Has anyone ever heard of Safe-Tee Tires? I just picked up a bike with a set of 37-590 tires that has a set, they look like the tread on the 27x1 3/8" knobby tires sold for road bikes. They say made in Taiwan.
They came with the bike, a 1973 Hercules with Sturmey Archer branded Endrick rims, I mounted them up and absolutely cannot get them to pop up on the bead.
I've tried higher pressure, heat, a tire seating tool, lube on the bead, everything, one 6" section refuses to seat correctly on each rim. I even took it for a short ride but it didn't help.
I can't say how old they are, they came in an Avenir sleeve, so they came from a Raleigh/Diamond Back dealer but the only markings on them is Safe-Tee, 26x1 3/8", 37-590, and Taiwan in small print.
I messed around with them for three hours and gave up last night. I soaped up the bead and rims with dish detergent and left them inflated to 75 psi, maybe they're 'pop'. sitting there. The tires I removed were marked 37-590 Carlisle Made in USA and they fit just fine.
Anyone ever run into a tire that just won't seat right no matter what?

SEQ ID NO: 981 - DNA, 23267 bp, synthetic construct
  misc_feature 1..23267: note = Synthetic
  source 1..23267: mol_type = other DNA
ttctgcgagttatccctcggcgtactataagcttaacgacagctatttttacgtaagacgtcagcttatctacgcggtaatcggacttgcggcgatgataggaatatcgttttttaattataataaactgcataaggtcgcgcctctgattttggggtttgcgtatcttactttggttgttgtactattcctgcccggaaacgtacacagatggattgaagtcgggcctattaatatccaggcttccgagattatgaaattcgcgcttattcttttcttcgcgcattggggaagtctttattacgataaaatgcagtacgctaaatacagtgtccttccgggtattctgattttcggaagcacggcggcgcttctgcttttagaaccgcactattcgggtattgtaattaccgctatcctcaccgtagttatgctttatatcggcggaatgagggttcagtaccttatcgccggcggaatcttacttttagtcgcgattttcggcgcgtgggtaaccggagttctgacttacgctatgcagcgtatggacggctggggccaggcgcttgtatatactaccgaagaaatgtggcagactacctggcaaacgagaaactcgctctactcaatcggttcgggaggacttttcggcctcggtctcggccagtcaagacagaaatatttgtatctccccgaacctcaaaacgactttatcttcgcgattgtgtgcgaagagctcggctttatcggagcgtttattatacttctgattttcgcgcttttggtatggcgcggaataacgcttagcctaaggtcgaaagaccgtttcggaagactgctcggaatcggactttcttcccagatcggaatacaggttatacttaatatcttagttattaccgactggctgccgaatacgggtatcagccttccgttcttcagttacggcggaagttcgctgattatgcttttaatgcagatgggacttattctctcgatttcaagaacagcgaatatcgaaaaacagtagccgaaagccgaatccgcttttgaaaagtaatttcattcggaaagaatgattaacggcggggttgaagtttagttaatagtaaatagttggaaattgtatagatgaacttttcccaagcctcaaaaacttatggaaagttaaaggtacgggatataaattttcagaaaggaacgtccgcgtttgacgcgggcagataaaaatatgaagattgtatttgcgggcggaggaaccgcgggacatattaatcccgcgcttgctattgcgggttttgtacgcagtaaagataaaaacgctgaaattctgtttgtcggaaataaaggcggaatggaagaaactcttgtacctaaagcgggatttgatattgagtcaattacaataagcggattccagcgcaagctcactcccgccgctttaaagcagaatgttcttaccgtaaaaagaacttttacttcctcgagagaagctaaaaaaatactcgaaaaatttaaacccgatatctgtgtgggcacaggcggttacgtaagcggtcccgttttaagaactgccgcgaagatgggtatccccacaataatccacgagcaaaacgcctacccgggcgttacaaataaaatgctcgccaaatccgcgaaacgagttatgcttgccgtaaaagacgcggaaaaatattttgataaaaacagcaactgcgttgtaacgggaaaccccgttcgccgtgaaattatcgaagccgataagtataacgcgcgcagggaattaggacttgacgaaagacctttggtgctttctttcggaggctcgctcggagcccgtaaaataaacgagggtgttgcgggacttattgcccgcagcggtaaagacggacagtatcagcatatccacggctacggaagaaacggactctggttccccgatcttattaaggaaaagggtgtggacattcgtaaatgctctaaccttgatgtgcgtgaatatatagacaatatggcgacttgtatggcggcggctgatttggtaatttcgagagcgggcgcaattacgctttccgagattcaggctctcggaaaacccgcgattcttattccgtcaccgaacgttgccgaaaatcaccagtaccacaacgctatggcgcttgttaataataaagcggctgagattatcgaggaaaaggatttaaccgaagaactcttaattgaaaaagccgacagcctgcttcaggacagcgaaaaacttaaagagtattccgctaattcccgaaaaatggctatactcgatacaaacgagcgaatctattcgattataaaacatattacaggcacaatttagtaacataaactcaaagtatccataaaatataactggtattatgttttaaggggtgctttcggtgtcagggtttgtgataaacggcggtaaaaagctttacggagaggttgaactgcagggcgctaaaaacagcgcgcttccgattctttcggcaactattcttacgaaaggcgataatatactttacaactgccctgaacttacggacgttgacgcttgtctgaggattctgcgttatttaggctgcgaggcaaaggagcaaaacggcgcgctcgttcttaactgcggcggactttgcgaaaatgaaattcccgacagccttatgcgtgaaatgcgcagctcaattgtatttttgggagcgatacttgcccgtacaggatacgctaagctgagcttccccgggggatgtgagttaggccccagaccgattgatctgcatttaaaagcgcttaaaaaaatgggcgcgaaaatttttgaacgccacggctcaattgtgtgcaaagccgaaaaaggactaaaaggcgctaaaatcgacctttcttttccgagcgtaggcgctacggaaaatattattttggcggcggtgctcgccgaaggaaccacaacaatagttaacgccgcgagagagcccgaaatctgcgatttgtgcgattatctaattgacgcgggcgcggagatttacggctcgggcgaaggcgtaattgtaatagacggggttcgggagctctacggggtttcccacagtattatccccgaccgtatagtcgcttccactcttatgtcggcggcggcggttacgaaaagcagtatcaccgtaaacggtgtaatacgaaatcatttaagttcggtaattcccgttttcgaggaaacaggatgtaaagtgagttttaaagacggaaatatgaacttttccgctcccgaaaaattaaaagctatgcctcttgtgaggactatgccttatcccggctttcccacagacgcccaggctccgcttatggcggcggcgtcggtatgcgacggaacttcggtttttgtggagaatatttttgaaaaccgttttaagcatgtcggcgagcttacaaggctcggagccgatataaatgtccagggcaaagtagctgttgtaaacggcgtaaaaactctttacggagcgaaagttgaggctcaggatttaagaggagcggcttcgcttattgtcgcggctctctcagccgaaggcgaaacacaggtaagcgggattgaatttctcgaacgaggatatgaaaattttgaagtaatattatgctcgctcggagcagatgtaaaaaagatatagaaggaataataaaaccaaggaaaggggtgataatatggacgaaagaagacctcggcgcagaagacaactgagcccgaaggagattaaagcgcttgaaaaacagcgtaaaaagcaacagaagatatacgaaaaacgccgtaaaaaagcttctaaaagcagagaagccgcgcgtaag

I have much less experience than others here but I have always had success by inflating, or deflating, as the case may be, the tire to about half pressure so it will be more "squirmy" and riding it around the block on a warm day on warm pavement.
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Old 01-05-21, 09:31 AM
  #23685  
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Originally Posted by adventurepdx View Post
What else do I have to say about what?

I mean, Iíve been around this thread for ten years. Iím not as vocal as the usual subjects, but Iím here. In fact, I commented here last week!

And Society of Three Speeds has been around for eight years and has about 300 members from all around the globe. Iím sure Iíve mentioned the club here before, but I donít think Iíve gotten much of a response.